Many complex operations must be performed, monitored, and controlled to safely and reliably collect, store, treat, and deliver water and wastewater and generate and transmit electrical power. Electronic equipment is used throughout water, wastewater, and power systems to monitor and control factors such as flow and water quality. Because of the dependence of modern water and wastewater systems on accurate collection and transmission of data, the work of an EMT or instrument technician can be crucial to operational reliability.
Electronic Maintenance Technicians (EMTs)/Instrument Technicians are responsible for installing, maintaining and repairing electronic equipment, including the circuits, components, and related equipment used in electronic communications systems, telemetering, power systems, metering equipment, and remote control equipment.
EMTs/Instrument Technicians may install and inspect new equipment, evaluate performance under different operating conditions, or use Diagnostic Test Equipment, oscilloscopes, meters, and other devices to test, calibrate, and troubleshoot electronic systems. They require knowledge of analog, digital electronic and pneumatic equipment. Within the water and wastewater industry, EMTs/Instrument Technicians are responsible for installing and maintaining various electronic monitoring and communication equipment, including pressure and level recorders, programmable logic controllers, relays and computers. They are responsible for communications systems at treatment plants, pump stations, power generating facilities, electrical substations, and remote locations.
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Working knowledge of: Electrical and electronic circuits; the methods, practices, and tools used in maintaining, repairing, testing, and adjusting pneumatic and electromechanical recording and metering instruments; mechanical linkage and telemetering systems; safety practices and precautions pertaining to the work.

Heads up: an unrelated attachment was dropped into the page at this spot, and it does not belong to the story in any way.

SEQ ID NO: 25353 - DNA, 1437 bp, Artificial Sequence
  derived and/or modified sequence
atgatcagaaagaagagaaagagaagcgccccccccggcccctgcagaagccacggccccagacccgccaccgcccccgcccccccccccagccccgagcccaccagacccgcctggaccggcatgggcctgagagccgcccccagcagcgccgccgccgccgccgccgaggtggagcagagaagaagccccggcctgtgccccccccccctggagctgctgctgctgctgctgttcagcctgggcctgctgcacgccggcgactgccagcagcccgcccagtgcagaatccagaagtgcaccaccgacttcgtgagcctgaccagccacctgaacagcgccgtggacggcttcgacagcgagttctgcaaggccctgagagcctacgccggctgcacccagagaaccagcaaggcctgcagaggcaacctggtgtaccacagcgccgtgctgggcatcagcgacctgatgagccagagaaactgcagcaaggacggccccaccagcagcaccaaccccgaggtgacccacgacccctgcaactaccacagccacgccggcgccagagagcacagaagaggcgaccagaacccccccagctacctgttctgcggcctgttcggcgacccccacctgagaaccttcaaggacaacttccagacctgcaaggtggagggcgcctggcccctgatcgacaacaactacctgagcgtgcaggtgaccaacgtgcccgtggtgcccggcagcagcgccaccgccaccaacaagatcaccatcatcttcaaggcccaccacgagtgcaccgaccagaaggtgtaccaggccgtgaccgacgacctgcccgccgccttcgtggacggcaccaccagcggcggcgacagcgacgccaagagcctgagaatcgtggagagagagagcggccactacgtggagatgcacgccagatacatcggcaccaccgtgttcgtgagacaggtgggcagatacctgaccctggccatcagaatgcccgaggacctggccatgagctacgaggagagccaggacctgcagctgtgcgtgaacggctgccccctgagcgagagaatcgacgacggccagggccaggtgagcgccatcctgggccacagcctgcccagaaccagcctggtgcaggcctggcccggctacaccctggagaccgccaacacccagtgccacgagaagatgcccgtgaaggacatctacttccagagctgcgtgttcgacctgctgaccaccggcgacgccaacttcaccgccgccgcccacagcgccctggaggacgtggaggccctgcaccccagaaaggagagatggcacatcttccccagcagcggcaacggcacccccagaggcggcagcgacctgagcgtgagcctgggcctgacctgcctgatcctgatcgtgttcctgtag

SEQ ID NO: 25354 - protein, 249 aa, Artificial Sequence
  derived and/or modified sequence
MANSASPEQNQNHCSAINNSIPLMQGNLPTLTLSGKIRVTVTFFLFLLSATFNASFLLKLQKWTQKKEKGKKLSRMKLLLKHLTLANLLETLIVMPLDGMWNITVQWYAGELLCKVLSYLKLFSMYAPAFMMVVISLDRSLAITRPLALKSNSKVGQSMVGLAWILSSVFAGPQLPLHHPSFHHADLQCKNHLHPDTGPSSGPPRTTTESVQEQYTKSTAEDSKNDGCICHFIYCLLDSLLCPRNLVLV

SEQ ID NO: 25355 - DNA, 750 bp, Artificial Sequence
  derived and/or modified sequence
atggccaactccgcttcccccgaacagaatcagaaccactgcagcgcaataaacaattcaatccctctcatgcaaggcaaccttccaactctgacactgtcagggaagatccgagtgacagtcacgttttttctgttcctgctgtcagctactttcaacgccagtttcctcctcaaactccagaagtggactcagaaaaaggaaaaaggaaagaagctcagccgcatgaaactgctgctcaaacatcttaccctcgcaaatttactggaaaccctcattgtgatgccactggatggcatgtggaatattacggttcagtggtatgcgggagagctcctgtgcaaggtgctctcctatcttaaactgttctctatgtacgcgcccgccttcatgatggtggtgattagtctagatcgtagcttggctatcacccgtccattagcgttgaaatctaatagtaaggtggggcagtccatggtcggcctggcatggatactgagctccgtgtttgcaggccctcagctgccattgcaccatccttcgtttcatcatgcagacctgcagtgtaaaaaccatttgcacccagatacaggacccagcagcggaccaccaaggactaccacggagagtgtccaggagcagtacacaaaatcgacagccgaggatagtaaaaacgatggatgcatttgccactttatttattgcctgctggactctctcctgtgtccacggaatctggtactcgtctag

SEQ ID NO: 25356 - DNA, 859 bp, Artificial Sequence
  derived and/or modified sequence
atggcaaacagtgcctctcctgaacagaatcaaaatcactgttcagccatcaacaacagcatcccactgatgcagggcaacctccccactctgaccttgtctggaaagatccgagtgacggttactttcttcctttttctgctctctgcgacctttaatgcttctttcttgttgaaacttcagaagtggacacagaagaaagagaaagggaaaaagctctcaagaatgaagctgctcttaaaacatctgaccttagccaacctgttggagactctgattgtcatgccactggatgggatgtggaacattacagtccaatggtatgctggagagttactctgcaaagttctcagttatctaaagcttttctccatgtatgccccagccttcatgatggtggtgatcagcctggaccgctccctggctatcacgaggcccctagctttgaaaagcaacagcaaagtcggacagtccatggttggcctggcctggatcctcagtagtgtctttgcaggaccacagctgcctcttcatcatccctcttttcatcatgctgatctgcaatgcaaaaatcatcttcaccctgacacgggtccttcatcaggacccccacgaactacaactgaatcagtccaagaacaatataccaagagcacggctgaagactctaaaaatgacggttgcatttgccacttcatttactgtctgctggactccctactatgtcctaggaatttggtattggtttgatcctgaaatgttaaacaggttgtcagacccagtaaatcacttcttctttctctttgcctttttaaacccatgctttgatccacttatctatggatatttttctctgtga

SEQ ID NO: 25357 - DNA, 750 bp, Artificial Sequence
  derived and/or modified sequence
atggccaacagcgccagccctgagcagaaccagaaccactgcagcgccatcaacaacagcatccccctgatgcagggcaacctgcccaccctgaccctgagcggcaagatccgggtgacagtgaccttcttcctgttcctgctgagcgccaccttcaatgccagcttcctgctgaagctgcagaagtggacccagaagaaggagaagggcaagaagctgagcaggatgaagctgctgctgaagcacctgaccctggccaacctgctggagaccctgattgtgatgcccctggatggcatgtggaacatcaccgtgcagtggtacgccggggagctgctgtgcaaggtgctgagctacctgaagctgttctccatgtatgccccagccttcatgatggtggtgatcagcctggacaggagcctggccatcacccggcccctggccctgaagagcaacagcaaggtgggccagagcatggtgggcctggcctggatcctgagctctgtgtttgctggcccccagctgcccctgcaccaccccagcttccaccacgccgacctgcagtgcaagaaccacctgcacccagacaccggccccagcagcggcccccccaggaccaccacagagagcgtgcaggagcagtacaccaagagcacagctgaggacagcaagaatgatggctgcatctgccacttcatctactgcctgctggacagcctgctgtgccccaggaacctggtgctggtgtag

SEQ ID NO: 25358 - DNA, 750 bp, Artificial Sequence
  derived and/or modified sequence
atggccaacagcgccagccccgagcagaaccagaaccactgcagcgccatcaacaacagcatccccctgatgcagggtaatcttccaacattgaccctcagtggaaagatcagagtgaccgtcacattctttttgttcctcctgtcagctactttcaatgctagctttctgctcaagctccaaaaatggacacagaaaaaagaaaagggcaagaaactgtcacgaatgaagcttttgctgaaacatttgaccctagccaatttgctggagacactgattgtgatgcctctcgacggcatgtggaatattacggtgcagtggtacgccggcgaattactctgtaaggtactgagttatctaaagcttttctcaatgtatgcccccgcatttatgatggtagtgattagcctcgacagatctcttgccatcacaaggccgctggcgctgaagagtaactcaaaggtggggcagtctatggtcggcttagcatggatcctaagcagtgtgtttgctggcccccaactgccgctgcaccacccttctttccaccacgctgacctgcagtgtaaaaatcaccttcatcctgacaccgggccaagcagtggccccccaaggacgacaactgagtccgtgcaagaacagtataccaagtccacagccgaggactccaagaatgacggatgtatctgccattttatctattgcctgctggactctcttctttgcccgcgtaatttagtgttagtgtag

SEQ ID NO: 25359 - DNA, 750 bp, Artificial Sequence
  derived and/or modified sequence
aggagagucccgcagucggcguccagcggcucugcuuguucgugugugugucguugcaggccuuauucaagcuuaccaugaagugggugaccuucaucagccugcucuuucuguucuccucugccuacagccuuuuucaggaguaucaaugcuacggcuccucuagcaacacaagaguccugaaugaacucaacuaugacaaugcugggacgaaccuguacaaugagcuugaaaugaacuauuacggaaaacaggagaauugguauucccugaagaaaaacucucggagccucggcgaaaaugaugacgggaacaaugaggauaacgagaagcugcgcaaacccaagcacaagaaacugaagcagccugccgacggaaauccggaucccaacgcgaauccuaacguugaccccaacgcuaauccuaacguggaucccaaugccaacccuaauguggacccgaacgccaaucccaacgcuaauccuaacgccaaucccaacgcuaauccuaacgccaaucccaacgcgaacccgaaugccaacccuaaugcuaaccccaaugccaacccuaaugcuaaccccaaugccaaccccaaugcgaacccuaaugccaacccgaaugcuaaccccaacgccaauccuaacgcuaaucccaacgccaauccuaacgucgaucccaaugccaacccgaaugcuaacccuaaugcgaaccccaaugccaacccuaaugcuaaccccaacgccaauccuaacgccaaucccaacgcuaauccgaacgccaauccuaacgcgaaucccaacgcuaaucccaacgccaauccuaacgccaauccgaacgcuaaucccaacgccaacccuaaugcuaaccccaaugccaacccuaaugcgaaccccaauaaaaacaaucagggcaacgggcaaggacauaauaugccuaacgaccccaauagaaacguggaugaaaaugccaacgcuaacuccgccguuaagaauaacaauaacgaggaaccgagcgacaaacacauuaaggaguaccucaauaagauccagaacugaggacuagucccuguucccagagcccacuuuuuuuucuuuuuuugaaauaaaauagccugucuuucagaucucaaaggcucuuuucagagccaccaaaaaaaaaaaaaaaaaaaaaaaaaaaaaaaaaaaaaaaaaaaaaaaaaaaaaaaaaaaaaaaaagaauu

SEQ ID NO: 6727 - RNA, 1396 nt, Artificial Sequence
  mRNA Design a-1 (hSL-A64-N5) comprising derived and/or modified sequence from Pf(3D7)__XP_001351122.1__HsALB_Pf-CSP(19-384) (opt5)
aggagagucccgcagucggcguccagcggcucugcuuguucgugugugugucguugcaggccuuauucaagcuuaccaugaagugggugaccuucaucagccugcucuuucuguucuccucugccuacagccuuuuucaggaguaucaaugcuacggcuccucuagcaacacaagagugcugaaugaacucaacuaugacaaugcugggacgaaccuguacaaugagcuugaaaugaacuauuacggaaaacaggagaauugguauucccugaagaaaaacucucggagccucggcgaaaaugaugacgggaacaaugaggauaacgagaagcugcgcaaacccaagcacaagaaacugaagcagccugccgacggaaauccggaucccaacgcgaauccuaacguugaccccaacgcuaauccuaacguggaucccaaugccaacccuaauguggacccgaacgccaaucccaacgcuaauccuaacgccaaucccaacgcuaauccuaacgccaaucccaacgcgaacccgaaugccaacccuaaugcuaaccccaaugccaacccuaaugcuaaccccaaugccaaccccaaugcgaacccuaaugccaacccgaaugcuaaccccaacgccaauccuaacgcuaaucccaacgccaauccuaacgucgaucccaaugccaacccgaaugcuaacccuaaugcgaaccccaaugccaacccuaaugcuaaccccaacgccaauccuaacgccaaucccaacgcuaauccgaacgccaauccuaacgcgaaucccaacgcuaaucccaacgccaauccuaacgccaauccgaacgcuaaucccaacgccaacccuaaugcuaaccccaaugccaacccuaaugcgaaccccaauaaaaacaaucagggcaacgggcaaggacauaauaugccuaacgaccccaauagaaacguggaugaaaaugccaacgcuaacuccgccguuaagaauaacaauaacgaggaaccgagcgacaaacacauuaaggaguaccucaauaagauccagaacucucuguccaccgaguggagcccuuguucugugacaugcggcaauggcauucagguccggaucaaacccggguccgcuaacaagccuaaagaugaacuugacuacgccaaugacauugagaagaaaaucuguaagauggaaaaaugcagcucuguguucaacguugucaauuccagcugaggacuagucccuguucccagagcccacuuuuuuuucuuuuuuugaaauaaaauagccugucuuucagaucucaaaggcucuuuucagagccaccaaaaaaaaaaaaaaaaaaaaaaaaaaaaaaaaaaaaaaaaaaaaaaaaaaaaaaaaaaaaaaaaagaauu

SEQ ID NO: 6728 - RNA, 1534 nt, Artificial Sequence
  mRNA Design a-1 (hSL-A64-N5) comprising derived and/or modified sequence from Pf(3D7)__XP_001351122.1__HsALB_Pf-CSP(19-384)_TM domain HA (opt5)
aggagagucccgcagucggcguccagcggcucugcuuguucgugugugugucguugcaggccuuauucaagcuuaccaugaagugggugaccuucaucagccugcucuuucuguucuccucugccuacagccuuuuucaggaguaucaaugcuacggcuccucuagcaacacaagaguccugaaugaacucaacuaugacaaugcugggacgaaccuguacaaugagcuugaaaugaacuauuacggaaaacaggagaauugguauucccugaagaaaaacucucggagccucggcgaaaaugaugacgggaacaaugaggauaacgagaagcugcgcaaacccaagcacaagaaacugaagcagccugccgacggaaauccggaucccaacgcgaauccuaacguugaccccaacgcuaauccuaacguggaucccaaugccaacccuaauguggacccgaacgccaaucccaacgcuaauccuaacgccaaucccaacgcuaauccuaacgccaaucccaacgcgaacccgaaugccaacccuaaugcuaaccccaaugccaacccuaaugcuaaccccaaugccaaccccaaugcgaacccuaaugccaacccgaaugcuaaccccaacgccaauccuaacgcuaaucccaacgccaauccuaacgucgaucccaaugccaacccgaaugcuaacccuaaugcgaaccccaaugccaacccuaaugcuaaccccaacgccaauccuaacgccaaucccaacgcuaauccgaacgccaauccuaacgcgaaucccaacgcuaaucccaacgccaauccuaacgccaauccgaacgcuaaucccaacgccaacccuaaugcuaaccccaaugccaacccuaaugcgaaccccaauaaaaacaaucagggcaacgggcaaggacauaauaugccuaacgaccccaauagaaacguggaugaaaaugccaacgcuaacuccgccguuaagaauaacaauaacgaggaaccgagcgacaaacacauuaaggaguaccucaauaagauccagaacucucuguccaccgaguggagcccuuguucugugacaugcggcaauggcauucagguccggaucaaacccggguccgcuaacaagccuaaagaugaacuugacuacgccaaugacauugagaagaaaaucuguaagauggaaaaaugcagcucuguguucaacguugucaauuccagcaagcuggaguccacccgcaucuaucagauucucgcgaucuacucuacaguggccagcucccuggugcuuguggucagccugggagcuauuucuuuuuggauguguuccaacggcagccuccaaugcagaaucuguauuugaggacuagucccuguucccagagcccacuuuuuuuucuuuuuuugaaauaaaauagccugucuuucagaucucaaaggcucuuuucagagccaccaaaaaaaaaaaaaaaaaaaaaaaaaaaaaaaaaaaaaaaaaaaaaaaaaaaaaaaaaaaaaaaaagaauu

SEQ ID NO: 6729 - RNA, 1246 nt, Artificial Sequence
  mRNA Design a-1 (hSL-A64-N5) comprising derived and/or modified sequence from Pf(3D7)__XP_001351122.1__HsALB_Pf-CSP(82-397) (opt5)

General knowledge of: The principles of operation and maintenance of pneumatic and electronic instruments and controls; hydraulics as related to the operation of recording and metering instruments.
Skill in: Diagnosing mechanical, electrical, pneumatic, and electronic difficulties in field instrumentation and telemetering systems; reading and interpreting wiring diagrams and mechanical drawings; making extensive repairs and overhauls to metering and control instruments; making estimates of labor and materials.
Ability to: Direct the work of sub-journey level employees; keep records and make reports; establish and maintain effective working relationships. Requires ability to evaluate electronic systems, circuits and components; troubleshoot electric communications, power and signal equipment; work from schematics, drawings and blueprints.
Electronic Maintenance Technicians/Instrument Technicians generally require completion of a two-year or equivalent program in electronics at a recognized academic, trade, or technical institution. To become a journey-level EMT/Instrument Technician, many employers require completion of an apprenticeship (typically four to five years), which combines paid, on-the-job training with related classroom instruction. Federally approved apprenticeship programs for Electronic Maintenance Technicians and Instrument Technicians are available. More information can be obtained by contacting the United States Department of Labor Office of Apprenticeship representative for your State. Contact information can be found at http://www.doleta.gov/oa/stateoffices.cfm.
Apprentice/Trainee $5,400 to $6,600
Journey-level $6,500 to $7,900
Supervisory $8,200 to $9,800
Source: BAYWORK Salary Survey, 2014.
Chris Franzel, Electronic Maintenance Technician/ Instrument Technician Intern, San Francisco Public Utilities Commission